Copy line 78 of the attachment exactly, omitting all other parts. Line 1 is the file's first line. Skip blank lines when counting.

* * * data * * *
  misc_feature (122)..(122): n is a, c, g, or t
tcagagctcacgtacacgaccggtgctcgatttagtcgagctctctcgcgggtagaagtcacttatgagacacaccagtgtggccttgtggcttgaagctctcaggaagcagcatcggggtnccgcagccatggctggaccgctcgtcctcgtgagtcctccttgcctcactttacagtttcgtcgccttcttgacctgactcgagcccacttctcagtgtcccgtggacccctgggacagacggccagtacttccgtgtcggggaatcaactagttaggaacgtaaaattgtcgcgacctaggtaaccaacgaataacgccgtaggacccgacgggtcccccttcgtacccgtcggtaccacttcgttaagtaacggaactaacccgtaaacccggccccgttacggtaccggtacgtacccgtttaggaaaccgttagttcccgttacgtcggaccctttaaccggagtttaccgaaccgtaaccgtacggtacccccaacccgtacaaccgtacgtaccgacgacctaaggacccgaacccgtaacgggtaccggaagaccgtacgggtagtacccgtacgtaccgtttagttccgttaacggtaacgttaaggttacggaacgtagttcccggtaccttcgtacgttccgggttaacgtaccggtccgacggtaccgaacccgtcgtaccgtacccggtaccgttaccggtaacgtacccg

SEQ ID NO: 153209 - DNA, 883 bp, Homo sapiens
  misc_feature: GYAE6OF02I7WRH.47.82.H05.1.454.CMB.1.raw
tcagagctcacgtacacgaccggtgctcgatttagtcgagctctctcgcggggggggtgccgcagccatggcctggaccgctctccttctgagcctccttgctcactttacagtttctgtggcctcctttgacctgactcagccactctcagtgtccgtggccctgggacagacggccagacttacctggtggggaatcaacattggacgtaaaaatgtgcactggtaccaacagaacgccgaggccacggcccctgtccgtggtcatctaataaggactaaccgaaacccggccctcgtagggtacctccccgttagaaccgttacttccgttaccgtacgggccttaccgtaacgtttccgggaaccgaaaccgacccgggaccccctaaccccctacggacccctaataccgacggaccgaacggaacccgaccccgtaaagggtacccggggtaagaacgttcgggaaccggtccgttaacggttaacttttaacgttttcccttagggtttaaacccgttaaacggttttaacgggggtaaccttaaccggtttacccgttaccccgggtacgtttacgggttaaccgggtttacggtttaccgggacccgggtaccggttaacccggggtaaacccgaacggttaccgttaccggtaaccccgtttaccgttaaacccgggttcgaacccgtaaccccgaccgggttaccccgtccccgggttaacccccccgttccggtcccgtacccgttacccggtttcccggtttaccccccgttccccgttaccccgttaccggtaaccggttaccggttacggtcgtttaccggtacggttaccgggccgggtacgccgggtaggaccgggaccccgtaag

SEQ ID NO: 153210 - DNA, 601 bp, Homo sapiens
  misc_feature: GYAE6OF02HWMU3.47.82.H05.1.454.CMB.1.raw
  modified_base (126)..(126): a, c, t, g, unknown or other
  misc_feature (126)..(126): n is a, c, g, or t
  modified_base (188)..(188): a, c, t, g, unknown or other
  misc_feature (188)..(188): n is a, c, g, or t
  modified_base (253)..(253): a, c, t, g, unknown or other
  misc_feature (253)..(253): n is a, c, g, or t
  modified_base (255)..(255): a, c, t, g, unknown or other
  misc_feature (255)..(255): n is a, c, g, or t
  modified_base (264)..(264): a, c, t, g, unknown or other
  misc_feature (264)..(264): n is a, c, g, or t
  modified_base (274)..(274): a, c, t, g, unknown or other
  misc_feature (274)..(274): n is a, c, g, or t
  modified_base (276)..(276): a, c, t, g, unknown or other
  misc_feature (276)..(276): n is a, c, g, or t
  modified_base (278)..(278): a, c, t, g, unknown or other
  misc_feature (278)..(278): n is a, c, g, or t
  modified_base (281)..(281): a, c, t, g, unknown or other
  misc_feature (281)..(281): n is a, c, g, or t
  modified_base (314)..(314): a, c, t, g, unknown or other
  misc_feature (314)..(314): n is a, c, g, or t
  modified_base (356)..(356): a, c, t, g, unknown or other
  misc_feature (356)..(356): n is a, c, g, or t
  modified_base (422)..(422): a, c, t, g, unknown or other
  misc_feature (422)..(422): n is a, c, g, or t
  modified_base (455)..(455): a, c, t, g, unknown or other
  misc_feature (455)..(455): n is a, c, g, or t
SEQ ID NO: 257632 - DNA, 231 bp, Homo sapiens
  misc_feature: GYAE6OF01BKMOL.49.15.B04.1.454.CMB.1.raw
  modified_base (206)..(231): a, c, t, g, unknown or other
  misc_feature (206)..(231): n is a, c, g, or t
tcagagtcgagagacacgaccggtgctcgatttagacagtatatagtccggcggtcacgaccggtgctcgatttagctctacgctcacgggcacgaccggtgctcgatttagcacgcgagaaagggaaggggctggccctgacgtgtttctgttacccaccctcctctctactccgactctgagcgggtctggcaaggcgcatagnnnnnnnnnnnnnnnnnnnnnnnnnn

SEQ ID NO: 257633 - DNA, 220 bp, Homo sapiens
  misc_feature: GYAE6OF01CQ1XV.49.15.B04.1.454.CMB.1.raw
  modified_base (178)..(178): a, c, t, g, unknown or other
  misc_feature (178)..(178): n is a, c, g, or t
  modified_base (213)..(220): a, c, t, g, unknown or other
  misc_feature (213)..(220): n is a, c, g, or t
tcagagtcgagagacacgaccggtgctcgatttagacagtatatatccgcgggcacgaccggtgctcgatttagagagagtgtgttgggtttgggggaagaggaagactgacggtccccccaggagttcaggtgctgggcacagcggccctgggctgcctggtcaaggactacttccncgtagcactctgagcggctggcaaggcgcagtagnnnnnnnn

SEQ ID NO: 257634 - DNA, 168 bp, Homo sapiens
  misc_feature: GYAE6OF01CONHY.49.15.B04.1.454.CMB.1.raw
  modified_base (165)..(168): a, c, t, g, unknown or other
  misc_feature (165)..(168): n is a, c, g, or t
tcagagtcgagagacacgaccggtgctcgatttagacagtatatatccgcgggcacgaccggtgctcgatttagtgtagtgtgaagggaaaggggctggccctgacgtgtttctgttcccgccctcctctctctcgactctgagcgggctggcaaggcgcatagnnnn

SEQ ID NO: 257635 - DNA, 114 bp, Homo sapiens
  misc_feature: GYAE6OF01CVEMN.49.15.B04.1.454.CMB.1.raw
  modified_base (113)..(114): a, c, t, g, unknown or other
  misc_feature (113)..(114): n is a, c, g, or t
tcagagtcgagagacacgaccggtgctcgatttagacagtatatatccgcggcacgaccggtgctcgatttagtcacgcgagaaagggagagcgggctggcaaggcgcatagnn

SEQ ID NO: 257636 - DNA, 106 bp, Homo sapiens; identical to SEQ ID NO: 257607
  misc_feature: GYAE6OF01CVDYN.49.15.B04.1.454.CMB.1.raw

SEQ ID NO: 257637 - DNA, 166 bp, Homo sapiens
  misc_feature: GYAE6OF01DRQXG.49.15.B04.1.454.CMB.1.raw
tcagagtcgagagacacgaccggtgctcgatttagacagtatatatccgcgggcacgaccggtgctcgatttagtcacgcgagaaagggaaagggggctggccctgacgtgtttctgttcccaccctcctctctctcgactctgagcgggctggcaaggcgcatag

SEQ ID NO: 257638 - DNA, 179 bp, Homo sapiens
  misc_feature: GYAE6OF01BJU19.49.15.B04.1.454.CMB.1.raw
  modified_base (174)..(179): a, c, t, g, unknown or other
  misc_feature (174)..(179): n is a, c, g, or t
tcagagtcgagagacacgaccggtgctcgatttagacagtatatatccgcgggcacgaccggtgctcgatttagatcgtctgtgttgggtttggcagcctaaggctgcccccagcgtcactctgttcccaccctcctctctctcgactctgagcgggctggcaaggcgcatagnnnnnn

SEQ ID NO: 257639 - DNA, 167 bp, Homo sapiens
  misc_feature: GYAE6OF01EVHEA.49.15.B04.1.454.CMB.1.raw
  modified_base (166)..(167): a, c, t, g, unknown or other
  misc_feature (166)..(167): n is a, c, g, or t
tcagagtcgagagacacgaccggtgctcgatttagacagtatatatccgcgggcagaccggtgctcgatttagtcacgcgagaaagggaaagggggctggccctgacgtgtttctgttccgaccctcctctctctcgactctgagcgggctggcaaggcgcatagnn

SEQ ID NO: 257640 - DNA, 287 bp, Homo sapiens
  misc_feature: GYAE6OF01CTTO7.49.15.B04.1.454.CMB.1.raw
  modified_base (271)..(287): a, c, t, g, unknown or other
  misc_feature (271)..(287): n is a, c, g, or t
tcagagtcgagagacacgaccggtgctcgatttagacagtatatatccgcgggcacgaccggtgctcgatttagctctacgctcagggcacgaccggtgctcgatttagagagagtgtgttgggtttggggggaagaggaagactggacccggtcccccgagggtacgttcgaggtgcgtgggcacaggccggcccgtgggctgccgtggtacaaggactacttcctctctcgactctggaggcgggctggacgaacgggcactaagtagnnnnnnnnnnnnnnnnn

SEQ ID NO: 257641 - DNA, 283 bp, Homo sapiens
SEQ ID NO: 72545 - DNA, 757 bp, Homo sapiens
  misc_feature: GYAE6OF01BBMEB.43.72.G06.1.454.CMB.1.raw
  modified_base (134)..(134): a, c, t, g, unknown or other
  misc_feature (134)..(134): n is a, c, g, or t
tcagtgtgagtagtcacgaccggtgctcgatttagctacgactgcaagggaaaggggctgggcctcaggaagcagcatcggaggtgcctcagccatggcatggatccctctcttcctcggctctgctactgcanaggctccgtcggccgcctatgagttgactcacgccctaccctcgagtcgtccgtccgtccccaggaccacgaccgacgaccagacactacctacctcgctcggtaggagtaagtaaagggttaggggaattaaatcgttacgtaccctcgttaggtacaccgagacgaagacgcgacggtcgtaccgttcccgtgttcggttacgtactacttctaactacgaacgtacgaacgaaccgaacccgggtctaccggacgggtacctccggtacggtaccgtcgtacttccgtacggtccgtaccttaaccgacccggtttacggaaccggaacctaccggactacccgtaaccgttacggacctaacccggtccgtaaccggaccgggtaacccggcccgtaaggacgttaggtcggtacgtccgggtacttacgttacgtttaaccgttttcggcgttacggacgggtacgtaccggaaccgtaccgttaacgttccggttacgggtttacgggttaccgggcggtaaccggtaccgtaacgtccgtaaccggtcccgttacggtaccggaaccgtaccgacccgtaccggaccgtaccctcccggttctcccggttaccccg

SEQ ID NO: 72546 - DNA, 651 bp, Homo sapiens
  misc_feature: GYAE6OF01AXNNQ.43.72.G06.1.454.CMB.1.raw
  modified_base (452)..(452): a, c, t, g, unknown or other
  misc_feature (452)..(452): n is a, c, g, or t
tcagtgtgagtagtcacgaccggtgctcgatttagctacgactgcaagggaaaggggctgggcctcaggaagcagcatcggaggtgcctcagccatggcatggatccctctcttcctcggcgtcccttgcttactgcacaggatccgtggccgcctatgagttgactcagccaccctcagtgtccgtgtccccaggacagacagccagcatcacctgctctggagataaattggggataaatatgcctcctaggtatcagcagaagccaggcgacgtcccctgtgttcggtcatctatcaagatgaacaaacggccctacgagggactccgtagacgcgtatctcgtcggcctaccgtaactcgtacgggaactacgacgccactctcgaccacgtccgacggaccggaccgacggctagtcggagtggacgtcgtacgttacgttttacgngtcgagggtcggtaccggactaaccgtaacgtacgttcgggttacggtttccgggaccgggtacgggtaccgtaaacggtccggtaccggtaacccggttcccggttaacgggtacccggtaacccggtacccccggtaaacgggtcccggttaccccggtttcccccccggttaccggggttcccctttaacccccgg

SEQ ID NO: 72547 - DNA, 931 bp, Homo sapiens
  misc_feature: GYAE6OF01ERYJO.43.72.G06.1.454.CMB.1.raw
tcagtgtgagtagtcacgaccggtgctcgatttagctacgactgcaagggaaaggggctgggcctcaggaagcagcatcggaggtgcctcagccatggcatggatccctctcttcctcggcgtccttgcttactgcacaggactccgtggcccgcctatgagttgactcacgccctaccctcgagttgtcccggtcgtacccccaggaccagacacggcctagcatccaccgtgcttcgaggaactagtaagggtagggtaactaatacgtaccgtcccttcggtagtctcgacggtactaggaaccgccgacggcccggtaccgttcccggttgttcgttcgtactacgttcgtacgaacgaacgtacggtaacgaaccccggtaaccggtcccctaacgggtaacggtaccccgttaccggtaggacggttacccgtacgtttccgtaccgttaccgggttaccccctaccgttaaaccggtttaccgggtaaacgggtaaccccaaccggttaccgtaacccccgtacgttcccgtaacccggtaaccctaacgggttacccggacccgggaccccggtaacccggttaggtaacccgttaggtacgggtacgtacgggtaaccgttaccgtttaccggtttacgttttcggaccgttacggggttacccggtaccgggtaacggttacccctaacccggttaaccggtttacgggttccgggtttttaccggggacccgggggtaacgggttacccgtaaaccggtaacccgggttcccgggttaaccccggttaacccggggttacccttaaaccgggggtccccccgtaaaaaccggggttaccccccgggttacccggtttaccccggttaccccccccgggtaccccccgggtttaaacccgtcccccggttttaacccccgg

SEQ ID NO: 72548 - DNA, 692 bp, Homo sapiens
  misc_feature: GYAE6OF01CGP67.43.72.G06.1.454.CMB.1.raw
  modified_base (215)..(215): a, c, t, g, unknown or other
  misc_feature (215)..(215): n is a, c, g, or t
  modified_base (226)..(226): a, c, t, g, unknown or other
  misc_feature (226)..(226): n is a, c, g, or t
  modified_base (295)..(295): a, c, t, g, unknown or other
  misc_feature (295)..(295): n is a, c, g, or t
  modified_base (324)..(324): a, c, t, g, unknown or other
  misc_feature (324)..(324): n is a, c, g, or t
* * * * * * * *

  misc_feature: GYAE6OF01BBMEB.43.72.G06.1.454.CMB.1.raw